Nyssa (Cappadocia)

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Coordinates: 38°57′15″N 33°57′33″E / 38.954295°N 33.959229°E / 38.954295; 33.959229 Nyssa (Ancient Greek: Νύσσα) was a small town and bishopric in Cappadocia (Asia Minor), which (only?) remains a Latin Catholic titular see.

Site and location[edit]

The Antonine Itinerary places it on the road from Ancyra to Caesarea, between Parnassos and Asiana, 24 Roman miles from Parnassus and 32 from Asiana. Ptolemy's Geography places it at 68°20' 38°40 (in his degrees) in the Prefecture of Murimene (Ancient Greek: Στρατηγίας Μουριμηνῆς).[1] The Synecdemus and the Notitiae Episcopatuum indicate that Nyssa was in the Roman province of Cappadocia Prima.[2]

The site of Nyssa has been identified as near the modern town of Harmandalı, Ortaköy district, Aksaray province, in south-central Turkey.[3] The archaeological site consists of two tells, named Büyükkale (big castle) and Küçükkale (little castle), located 2 km to the north of Harmandalı.[1] Another proposed location associates it with the modern city of Nevşehir, but modern scholarship has cast serious doubt on this.[1][4]

William Smith's Dictionary of Greek and Roman Geography placed the town at a village, not otherwise mentioned, called Nirse or Nissa and said that it was anciently in a district called Muriane, not far from the river Halys.[5]

Ecclesiastical history[edit]

Nyssa was important enough in the Roman province of Cappadocia Prima to become a suffragan of it capital's Metropolitan, the Archdiocese of Caesarea in Cappadocia (Kayseri).

The earliest bishop of Nyssa whose name is known is Gregory of Nyssa, bishop of Nyssa from about 372 to 394 and brother of Basil the Great, bishop of Nyssa's metropolitan see, Caesarea in Cappadocia. The bishop at the time of the Council of Ephesus in 431 was Heraclides. Musonius took part in the Robber Council of Ephesus in 449, Ioannes in the Second Council of Constantinople in 553, another Ioannes in the Third Council of Constantinople in 680, Paulus in the Trullan Council in 693, a third Ioannes in the Second Council of Nicaea in 787, and Ignatius in the Photian Council of Constantinople (879). A 10th-century bishop named Germanus is known for his ecclesiastical writings.[6][7]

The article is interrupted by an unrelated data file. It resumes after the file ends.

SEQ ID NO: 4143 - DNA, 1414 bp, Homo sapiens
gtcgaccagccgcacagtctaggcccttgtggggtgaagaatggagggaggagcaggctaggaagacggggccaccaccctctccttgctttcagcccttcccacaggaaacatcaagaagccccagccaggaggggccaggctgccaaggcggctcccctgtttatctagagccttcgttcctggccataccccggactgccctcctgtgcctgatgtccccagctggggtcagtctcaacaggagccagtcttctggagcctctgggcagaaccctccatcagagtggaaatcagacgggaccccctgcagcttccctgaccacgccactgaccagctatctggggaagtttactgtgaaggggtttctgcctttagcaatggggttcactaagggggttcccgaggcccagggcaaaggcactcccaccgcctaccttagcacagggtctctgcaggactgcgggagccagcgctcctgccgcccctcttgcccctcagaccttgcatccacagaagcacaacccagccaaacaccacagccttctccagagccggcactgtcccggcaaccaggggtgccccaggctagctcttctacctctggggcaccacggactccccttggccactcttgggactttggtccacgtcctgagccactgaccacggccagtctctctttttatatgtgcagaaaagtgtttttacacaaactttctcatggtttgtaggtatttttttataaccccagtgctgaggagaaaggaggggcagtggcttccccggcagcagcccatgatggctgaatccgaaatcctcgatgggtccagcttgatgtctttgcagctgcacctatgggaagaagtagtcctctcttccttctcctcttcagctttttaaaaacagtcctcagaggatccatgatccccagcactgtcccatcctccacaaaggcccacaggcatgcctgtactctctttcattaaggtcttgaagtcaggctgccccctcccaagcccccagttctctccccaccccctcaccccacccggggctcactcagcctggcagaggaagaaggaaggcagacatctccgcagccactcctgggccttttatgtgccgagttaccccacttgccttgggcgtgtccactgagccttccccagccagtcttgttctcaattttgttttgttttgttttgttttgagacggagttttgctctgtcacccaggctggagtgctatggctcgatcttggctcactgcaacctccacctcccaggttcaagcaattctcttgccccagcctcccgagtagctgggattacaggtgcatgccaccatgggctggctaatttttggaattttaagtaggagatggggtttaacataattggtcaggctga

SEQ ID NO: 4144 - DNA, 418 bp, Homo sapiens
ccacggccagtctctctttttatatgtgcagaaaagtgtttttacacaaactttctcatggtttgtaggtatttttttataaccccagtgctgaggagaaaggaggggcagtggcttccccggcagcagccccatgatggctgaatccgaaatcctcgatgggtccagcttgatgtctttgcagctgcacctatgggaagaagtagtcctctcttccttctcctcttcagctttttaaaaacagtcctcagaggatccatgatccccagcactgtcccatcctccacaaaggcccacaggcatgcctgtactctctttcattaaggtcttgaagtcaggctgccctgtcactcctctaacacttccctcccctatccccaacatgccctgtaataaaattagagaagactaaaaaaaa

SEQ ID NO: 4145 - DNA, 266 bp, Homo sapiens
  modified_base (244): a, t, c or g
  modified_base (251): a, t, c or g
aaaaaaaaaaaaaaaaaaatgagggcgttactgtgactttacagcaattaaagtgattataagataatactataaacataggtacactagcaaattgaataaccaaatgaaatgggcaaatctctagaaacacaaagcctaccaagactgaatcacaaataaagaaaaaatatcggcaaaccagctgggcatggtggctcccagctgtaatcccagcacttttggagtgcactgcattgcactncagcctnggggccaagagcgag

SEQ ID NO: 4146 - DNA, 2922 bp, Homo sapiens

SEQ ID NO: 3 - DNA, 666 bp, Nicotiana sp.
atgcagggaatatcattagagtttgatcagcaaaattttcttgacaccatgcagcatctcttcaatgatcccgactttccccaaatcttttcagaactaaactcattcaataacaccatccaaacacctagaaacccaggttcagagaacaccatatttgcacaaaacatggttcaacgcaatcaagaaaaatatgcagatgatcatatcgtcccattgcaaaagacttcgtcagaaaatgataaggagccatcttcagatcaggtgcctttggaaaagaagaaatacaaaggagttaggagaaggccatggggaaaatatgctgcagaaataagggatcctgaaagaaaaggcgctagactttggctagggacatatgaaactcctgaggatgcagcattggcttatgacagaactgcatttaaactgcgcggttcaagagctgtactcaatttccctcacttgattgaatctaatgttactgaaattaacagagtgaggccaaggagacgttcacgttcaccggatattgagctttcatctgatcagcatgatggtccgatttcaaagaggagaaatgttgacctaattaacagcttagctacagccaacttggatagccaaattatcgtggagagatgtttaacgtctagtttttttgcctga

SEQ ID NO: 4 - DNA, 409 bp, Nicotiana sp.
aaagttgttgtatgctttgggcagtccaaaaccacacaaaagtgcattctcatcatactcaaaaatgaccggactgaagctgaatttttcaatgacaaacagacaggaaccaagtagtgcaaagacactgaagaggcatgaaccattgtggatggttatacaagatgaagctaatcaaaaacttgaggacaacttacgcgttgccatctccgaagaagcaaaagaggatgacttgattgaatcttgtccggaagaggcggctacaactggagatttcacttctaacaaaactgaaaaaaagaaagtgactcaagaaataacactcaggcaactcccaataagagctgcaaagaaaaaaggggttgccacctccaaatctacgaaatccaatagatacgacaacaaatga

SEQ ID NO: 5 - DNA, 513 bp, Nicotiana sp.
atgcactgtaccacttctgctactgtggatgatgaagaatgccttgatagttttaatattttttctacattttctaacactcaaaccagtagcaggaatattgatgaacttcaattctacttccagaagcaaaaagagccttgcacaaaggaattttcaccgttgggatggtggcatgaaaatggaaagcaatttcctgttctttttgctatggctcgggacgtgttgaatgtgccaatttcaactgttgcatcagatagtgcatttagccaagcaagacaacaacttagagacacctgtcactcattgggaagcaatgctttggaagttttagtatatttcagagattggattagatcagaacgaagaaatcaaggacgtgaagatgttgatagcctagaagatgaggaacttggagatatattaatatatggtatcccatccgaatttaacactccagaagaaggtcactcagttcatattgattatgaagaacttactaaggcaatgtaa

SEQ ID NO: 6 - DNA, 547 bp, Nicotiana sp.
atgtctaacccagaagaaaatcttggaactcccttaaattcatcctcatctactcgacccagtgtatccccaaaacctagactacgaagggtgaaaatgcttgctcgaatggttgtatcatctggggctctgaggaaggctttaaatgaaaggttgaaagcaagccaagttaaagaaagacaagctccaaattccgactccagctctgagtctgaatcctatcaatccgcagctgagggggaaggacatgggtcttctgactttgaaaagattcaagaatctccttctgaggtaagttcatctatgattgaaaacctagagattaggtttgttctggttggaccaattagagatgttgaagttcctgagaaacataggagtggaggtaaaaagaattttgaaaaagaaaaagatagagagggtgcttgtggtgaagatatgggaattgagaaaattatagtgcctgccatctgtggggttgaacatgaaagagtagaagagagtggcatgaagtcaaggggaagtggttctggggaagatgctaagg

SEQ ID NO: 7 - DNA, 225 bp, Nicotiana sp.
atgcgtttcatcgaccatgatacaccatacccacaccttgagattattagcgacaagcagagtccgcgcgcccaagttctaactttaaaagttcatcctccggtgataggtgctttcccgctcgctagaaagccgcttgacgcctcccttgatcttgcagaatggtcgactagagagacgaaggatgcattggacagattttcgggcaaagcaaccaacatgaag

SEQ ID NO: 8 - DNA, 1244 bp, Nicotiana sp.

Titular see[edit]

The diocese was nominally restored, apparently in the 18th century, as a titular bishopric Nyssa (Latin) / Nissa (Curiate Italian) / Nyssen(us) (Latin adjective).[8]

It is vacant, having had the following incumbents, so far of the fitting Episcopal (lowest) rank :

See also[edit]

Notes[edit]

  1. ^ a b c Pochoshajew, Igor. Nyssa in Kappadokien, (German), p. 6. Retrieved 23 August 2009.
  2. ^ Sophrone Pétridès, "Nyssa" in Catholic Encyclopedia (New York 1911)
  3. ^ Talbert, Richard. Barrington Atlas of the Greek and Roman World, Princeton University Press, 2000, Map-by-map Directory, p. 980.
  4. ^ Silvas, Anna. The Asketikon of St. Basil the Great, Oxford University Press, 2005, p. 41. ISBN 0-19-927351-0
  5. ^ William Smith, Dictionary of Greek and Roman Geography (1854)
  6. ^ Michel Lequien, Oriens christianus in quatuor Patriarchatus digestus, Paris 1740, Vol. I, coll. 391-394
  7. ^ Pius Bonifacius Gams, Series episcoporum Ecclesiae Catholicae, Leipzig 1931, p. 440
  8. ^ Annuario Pontificio 2013 (Libreria Editrice Vaticana 2013 ISBN 978-88-209-9070-1), p. 941

Sources and external links[edit]